Review: Upper Space

Article published: Wednesday, October 26th 2011

Upper Space is a not-for-profit, European street art organisation that has been working in Manchester for the last 6 months. It dedicates itself to “deconstructing the myths” forced upon us by the beautiful, smiling forms that haunt us from advertising billboards.

Upper space as a whole consists of academics, activists and community organisers. Their projects and artistic interventions focus on “promoting alternative ideas about public space” and fighting for “social and environmental justice.”  As of 2011 they have turned this focus upon the governments’ “devastating public spending cuts”, working with young homeless people from the city of Manchester.  Upper Space feels that it is unacceptable for a government to bail out those responsible for the economic crisis whilst making life harder and harder for everyone else. The inspiration for their new project, ‘Home’, are the disturbing social housing and housing benefit fund cuts and their effects on Britain’s most vulnerable.

The scale of work for this project is impressive, from screen-prints for sale in support for Upper Spaces’ partner charity the Limes Hostel for the Homeless, to providing banners for people to display at anti-cuts marches. The main body and power of this project however comes in the form of street art and the exhibits the artists have placed on our streets.

Public spaces are often a battlefield for our attentions and as is the nature of this art, the galleries that host it are the streets themselves. When I first saw the bird homes attached to lampposts and road signs around the city I didn’t feel the immediate buzz I had come to expect from street art. It took me a little while to realize what I was looking at before the beauty of them struck me and it became apparent how they conveyed their message. The decorated birdhouses, of which the most powerful had one large eye painted on the front, had an eerie grip on the streets.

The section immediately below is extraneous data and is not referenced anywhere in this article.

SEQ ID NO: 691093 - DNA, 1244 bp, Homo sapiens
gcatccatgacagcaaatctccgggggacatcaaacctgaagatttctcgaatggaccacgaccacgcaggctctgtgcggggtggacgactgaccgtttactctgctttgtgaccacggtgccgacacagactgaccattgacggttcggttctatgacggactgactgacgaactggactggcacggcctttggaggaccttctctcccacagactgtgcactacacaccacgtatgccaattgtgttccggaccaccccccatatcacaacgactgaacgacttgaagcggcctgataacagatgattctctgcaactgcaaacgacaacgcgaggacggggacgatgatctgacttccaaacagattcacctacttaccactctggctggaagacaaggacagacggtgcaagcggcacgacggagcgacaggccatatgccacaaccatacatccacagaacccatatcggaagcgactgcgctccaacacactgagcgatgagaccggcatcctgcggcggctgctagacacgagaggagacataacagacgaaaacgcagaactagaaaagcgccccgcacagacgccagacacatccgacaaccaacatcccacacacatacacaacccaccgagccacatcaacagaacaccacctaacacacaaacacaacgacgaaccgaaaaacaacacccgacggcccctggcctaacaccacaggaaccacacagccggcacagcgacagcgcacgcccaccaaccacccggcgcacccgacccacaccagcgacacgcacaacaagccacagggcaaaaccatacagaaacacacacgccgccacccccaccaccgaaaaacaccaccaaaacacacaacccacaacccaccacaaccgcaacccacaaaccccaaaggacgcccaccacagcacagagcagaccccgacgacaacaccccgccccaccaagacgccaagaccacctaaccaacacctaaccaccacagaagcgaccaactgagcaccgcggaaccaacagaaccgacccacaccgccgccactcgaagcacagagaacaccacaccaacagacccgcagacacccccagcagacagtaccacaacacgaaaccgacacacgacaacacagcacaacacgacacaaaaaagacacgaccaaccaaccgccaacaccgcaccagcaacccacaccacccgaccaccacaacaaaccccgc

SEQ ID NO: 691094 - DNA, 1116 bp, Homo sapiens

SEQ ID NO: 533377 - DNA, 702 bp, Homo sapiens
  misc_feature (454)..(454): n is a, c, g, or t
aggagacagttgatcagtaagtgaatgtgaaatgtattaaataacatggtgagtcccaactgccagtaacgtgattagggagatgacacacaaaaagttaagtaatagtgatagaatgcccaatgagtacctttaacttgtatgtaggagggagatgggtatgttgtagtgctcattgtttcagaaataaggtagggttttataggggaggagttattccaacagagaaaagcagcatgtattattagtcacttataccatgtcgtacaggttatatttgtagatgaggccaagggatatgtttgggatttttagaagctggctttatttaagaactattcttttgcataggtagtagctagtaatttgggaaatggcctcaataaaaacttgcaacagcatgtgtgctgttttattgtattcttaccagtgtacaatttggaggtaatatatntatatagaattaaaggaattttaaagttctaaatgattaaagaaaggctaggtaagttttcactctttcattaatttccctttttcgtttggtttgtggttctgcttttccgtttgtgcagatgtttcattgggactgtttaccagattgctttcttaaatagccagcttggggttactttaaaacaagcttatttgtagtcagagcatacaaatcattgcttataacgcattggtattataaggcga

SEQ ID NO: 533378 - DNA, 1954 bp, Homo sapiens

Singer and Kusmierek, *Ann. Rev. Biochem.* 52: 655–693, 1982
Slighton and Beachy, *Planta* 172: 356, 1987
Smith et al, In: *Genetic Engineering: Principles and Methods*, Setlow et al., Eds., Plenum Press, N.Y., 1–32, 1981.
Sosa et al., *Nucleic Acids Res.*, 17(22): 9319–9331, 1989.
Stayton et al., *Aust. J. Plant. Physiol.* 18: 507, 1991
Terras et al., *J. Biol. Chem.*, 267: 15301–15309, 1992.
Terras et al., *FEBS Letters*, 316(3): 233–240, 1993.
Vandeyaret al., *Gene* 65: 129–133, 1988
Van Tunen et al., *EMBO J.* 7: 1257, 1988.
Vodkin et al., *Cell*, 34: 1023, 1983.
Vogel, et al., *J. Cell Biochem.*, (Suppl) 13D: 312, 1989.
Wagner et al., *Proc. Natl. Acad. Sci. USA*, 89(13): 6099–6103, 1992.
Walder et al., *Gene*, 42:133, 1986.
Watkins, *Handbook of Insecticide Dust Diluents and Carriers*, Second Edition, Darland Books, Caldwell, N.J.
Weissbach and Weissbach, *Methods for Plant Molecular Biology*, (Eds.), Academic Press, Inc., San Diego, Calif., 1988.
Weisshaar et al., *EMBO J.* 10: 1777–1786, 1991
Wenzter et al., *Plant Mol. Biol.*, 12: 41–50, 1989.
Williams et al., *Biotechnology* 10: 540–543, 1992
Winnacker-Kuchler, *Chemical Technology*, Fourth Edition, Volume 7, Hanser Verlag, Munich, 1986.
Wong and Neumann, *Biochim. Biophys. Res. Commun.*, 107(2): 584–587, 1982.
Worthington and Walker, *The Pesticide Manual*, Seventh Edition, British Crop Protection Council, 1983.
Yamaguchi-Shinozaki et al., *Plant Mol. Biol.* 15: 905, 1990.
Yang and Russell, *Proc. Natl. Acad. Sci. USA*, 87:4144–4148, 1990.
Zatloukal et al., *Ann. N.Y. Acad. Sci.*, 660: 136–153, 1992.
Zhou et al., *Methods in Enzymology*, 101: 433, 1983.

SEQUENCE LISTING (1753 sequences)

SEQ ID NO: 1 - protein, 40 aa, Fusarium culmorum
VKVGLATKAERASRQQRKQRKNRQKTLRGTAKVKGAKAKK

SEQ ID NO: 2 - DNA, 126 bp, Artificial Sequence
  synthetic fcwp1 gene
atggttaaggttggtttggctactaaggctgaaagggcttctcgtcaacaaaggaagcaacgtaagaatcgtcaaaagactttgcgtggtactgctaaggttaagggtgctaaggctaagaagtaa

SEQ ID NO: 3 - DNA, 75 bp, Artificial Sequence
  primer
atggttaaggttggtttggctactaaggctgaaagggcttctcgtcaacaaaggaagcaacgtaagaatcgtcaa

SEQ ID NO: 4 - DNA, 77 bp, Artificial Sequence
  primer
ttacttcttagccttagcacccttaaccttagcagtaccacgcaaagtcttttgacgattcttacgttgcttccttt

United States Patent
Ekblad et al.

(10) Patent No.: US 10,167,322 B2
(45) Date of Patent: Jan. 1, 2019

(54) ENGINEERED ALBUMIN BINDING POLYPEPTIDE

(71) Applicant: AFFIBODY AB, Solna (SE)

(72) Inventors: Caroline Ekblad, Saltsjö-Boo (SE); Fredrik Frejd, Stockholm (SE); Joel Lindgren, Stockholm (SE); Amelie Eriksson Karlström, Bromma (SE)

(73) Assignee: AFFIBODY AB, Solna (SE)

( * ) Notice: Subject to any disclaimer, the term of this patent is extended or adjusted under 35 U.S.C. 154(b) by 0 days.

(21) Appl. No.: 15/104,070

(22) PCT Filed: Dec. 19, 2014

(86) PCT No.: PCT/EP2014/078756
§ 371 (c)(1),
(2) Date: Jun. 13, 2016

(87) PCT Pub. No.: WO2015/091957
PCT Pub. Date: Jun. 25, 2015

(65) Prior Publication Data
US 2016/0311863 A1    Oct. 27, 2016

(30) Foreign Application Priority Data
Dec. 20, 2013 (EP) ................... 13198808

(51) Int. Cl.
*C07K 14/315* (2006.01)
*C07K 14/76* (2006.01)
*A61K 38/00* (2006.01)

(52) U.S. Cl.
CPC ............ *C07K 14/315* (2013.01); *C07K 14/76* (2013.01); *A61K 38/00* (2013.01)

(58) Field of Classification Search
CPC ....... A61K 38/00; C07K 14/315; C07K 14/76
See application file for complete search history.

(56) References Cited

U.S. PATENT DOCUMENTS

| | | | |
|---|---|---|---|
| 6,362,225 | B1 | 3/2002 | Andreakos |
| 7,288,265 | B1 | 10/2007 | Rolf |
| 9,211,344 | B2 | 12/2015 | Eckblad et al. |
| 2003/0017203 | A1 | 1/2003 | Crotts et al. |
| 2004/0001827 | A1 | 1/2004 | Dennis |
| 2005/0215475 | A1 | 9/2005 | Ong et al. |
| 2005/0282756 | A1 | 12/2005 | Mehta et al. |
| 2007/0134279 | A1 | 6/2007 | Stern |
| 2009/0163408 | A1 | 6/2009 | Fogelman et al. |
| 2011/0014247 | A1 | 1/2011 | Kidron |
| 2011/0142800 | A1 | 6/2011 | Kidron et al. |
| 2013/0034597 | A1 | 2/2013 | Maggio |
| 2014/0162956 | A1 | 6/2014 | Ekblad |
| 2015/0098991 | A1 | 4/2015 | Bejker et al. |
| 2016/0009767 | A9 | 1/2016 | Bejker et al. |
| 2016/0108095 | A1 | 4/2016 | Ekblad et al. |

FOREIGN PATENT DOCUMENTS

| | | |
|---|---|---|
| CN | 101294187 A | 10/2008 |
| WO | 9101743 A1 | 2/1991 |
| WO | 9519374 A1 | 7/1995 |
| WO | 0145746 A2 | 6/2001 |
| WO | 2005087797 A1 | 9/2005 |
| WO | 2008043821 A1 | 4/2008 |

As I looked at them I became conscious of the eyes becoming more and more visible in their settings before they actually seemed to become the street’s own. It is then when I noticed the emotions buried within them: some of fear, some of anger and some of shock. The empathy the eye induced was felt for the street itself.  The bird homes beckon you to come and look inside them, where the artists have contained more explicit messages about these emotions and the problems of homelessness in Manchester.

This art is incredibly beautiful as well as clever, avoiding being obvious or clichéd. Most notably, however, it is powerfully emotive.  Having seen this art that can compete for our attentions on the street, it is difficult for me to disagree with the artists that the question is not “can we change things” but “how far can we go?”

Edward Collins

More: Culture, Exhibition, Manchester


  1. Maybe I live in the wrong part of town, but where do can these projects be seen?

    Comment by Susan Donimo on November 11, 2011 at 12:00 pm

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